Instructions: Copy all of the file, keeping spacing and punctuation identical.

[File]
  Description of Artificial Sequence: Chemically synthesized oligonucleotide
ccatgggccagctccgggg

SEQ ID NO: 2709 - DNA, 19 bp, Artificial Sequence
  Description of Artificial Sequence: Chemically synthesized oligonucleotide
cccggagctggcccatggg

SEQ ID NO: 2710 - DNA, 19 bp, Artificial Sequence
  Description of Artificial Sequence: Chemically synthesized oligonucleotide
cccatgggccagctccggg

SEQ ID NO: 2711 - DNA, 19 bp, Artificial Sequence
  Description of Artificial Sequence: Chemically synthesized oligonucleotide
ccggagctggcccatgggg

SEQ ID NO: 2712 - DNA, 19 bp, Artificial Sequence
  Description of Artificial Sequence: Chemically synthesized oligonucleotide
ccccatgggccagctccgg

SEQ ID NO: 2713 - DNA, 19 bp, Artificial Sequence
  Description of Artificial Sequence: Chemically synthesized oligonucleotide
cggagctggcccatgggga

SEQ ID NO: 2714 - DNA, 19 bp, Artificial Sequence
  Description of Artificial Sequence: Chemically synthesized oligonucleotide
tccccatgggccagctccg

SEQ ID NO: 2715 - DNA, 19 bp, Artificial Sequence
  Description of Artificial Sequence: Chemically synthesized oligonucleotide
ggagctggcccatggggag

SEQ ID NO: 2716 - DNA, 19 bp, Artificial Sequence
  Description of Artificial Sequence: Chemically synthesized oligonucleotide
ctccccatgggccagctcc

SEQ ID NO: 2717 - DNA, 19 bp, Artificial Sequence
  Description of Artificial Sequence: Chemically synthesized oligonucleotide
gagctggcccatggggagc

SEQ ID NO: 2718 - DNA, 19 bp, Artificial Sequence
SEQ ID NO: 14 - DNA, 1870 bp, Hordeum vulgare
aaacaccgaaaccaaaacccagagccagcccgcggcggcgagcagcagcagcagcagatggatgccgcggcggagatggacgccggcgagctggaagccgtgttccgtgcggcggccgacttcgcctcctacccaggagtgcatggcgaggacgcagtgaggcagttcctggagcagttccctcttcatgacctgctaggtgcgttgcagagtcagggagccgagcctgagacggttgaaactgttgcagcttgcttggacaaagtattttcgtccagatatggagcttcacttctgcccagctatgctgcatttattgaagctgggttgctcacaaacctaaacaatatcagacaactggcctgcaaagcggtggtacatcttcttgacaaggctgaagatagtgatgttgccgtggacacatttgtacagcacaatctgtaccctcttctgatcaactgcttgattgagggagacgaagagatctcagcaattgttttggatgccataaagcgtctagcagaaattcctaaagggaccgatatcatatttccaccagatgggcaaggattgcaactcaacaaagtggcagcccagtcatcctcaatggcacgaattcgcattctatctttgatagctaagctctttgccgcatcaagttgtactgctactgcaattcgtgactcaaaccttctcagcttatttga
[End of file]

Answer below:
  Description of Artificial Sequence: Chemically synthesized oligonucleotide
ccatgggccagctccgggg

SEQ ID NO: 2709 - DNA, 19 bp, Artificial Sequence
  Description of Artificial Sequence: Chemically synthesized oligonucleotide
cccggagctggcccatggg

SEQ ID NO: 2710 - DNA, 19 bp, Artificial Sequence
  Description of Artificial Sequence: Chemically synthesized oligonucleotide
cccatgggccagctccggg

SEQ ID NO: 2711 - DNA, 19 bp, Artificial Sequence
  Description of Artificial Sequence: Chemically synthesized oligonucleotide
ccggagctggcccatgggg

SEQ ID NO: 2712 - DNA, 19 bp, Artificial Sequence
  Description of Artificial Sequence: Chemically synthesized oligonucleotide
ccccatgggccagctccgg

SEQ ID NO: 2713 - DNA, 19 bp, Artificial Sequence
  Description of Artificial Sequence: Chemically synthesized oligonucleotide
cggagctggcccatgggga

SEQ ID NO: 2714 - DNA, 19 bp, Artificial Sequence
  Description of Artificial Sequence: Chemically synthesized oligonucleotide
tccccatgggccagctccg

SEQ ID NO: 2715 - DNA, 19 bp, Artificial Sequence
  Description of Artificial Sequence: Chemically synthesized oligonucleotide
ggagctggcccatggggag

SEQ ID NO: 2716 - DNA, 19 bp, Artificial Sequence
  Description of Artificial Sequence: Chemically synthesized oligonucleotide
ctccccatgggccagctcc

SEQ ID NO: 2717 - DNA, 19 bp, Artificial Sequence
  Description of Artificial Sequence: Chemically synthesized oligonucleotide
gagctggcccatggggagc

SEQ ID NO: 2718 - DNA, 19 bp, Artificial Sequence
SEQ ID NO: 14 - DNA, 1870 bp, Hordeum vulgare
aaacaccgaaaccaaaacccagagccagcccgcggcggcgagcagcagcagcagcagatggatgccgcggcggagatggacgccggcgagctggaagccgtgttccgtgcggcggccgacttcgcctcctacccaggagtgcatggcgaggacgcagtgaggcagttcctggagcagttccctcttcatgacctgctaggtgcgttgcagagtcagggagccgagcctgagacggttgaaactgttgcagcttgcttggacaaagtattttcgtccagatatggagcttcacttctgcccagctatgctgcatttattgaagctgggttgctcacaaacctaaacaatatcagacaactggcctgcaaagcggtggtacatcttcttgacaaggctgaagatagtgatgttgccgtggacacatttgtacagcacaatctgtaccctcttctgatcaactgcttgattgagggagacgaagagatctcagcaattgttttggatgccataaagcgtctagcagaaattcctaaagggaccgatatcatatttccaccagatgggcaaggattgcaactcaacaaagtggcagcccagtcatcctcaatggcacgaattcgcattctatctttgatagctaagctctttgccgcatcaagttgtactgctactgcaattcgtgactcaaaccttctcagcttatttga